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  • Stirling Careers Consultancy believes that once you have been offered and accepted a new job and all the formalities have been processed and you have agreed a start date it is now time to start preparing for your first day.

    Top Tips before the Day

    • Re-read your job description/person specification
    • Re-read your application form, CV and covering letter
    • Re-read your interview preparation notes and notes that you made after the interview
    • Prepare any documents such as bank details etc.
    • Think about what you will do on your first day
    • Visit the website, social media sites, read any literature the organisation has sent you or you have picked up
    • You may wish to consider meeting with your line manager beforehand for an informal chat to discuss how you can hit the ground running
    • Think about what you are going to wear on your first day as your image is important.  First impressions count!


    Top Tips on the Day

    • Arrive Early
    • Come along with your own ideas
    • Take a notebook and ask questions
    • Try to ascertain how the organisational politics work
    • Hopefully, the organisation will have mapped out an induction procedure for you and this will help settle you in to your new role
    • Be tactful, calm and diplomatic

    Many job offers come with a probationary period and this can vary between three months and twelve months.  It is important to understand at the earliest opportunity what your objectives are as your line manager will be looking to see if you can do the job and meet your objectives.  Failure to do so could mean that your probationary period will be extended and you may be asked to undertake further training or you could be dismissed.

    Remember that they have chosen you from a number of applicants as they believe that you can fit in well and make a valuable contribution to the organisation.

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    Preparing for Interview Assessments

    More and more employers are using testing as a recruitment tool to assist them in deciding whether you are the candidate they are looking for.  These assessments can take place in the Employers' own offices, or at an alternative venue such as a Conference Centre or hotel.  Assessments can last from a couple of hours to a couple of days.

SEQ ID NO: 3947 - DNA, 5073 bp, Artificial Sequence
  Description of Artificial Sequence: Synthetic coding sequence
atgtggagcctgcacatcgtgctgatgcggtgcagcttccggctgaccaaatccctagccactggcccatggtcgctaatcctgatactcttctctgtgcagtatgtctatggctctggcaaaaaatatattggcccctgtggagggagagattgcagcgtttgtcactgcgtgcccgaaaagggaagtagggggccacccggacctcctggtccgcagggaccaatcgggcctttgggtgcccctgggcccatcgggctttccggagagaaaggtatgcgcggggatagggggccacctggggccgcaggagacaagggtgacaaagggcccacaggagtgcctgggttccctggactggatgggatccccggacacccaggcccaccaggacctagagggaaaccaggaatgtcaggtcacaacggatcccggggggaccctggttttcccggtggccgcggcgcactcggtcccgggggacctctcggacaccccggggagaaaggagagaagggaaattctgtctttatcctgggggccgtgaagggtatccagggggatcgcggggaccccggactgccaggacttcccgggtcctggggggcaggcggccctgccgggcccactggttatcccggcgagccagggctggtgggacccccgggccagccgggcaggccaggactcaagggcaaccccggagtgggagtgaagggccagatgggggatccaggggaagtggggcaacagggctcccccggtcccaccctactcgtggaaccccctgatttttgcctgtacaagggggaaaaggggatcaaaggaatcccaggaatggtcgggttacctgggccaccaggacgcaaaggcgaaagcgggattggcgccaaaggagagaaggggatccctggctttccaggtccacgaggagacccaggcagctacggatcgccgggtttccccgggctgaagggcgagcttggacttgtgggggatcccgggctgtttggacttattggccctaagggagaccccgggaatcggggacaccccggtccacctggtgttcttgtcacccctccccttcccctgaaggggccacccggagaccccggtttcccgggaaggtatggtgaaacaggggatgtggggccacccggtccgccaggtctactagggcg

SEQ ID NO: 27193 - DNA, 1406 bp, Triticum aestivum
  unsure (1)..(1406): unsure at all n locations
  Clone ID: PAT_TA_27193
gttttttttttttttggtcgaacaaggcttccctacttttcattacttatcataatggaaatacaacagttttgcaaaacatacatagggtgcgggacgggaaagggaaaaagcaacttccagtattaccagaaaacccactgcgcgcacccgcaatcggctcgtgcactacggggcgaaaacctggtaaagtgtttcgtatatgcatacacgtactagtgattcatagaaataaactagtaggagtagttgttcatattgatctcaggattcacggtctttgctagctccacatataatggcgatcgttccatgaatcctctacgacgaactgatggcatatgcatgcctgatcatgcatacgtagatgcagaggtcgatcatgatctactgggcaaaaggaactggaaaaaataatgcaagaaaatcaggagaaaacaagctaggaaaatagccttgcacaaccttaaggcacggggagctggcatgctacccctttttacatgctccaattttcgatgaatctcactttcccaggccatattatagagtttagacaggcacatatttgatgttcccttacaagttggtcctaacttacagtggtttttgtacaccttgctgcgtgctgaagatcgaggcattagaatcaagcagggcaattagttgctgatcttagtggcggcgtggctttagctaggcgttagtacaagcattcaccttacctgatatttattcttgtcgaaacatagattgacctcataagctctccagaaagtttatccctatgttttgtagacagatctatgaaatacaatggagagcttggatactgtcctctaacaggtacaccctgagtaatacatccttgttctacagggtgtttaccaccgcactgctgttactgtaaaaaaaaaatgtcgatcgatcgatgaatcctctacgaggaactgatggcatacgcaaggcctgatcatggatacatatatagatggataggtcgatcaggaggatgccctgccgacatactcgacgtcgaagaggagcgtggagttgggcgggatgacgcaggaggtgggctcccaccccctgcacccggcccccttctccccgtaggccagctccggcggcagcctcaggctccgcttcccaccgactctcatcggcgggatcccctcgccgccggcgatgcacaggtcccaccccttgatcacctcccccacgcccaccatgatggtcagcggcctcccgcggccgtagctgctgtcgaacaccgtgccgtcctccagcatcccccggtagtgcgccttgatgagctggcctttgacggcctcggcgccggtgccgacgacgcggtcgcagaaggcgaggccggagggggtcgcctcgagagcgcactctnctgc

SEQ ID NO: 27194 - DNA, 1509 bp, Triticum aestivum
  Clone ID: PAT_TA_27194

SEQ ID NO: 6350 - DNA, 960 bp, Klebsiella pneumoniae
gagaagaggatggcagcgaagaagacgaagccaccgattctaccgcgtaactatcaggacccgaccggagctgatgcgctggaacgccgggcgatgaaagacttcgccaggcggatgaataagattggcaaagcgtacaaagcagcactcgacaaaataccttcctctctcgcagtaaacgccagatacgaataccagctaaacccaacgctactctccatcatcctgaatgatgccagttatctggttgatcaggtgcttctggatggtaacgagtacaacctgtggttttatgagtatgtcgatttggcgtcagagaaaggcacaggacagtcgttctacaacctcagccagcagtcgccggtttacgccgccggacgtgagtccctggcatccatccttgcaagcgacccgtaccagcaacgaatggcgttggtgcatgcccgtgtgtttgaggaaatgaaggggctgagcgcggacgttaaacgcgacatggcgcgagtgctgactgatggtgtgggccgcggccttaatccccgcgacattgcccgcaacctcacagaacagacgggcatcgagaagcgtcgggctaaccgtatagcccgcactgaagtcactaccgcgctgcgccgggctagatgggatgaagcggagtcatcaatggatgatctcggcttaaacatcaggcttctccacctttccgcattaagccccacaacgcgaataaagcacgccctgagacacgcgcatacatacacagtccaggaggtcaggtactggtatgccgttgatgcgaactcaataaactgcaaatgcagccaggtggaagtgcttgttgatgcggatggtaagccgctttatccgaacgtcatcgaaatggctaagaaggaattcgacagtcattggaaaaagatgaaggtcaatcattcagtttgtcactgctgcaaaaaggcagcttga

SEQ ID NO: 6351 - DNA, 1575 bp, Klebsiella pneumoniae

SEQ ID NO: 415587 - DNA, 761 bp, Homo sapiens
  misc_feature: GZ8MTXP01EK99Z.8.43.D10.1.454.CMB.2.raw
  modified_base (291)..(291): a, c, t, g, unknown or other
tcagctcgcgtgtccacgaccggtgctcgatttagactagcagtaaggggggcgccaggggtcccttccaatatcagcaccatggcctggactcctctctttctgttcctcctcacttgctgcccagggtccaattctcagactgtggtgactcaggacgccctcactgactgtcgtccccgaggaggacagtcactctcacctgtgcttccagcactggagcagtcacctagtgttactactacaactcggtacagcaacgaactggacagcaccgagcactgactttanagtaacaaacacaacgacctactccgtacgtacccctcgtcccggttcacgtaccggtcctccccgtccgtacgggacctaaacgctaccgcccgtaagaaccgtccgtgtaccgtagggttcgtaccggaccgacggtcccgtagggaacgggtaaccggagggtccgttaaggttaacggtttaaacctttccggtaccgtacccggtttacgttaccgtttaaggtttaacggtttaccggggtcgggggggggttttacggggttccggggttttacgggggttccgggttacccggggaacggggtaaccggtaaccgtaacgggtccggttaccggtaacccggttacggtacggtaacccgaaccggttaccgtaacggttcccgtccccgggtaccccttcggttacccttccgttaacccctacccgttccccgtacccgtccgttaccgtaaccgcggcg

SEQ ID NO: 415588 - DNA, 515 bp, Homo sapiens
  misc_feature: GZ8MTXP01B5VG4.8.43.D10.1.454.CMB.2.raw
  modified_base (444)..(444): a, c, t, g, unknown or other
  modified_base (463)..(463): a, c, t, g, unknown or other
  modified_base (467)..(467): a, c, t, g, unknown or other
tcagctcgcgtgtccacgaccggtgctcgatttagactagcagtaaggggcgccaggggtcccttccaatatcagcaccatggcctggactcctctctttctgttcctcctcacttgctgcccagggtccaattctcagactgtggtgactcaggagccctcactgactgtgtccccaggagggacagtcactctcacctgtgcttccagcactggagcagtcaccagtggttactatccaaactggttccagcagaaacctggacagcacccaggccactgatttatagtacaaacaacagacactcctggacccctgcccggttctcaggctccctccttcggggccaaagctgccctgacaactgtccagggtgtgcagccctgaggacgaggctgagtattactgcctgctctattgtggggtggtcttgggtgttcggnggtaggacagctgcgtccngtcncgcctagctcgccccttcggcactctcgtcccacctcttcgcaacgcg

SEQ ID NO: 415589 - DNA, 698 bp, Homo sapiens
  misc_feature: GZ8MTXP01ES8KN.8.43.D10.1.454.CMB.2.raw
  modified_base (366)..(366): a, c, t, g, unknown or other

Assessment Centres can use a range a different techniques.  Tests can range from psychometric assessments where there are no right or wrong answers to:

    • Group Exercises
    • Individual Exercises
    • Group Discussions
    • Presentations
    • Role Play
    • Written Tests
    • Physical Tests
    • Job Replica Exercises
    • Auditions


    Some Top Tips

    It is important to practice aptitude tests and rehearse presentations.  It is important to treat them as if you were going into an exam and make sure that you get a good night's sleep and arrive early.

    Always remain friendly, calm and polite to other candidates and to the interview panel.  In group exercises make sure that you contribute.  Make sure that you do not dominate and allow others to contribute. Keep track of time and complete tasks on time.
    If you are asked to lead the group make sure that you involve everyone and delegate.  If you are presented with lots of information skim read first. Remember if you eat lunch with your potential employer remember that they will still be assessing you and it is still part of the interview process.  

    Assessments can be challenging but also can allow you to show off your strengths. 

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    Job Offers 12 January 2015 | Comments (0)

    Job Offers

    Job offers can be made in a variety of ways:

    • At the end of the interview
    • They may contact you by telephone
    • They may contact you by e-mail or in writing a few days later

    Congratulations, all your preparation, research and practising has helped you.

    You now have to decide: 

    • Is this job right for me now?
    • Do you want the job subject to negotiations?
    • You are not sure and would like a better offer or would like to meet with them to discuss the offer further.
    • The job is not suitable.


    Do not worry.  Call the organisation and ask for some feedback but do not argue with them. It maybe that the interview panel felt rightly or wrongly that: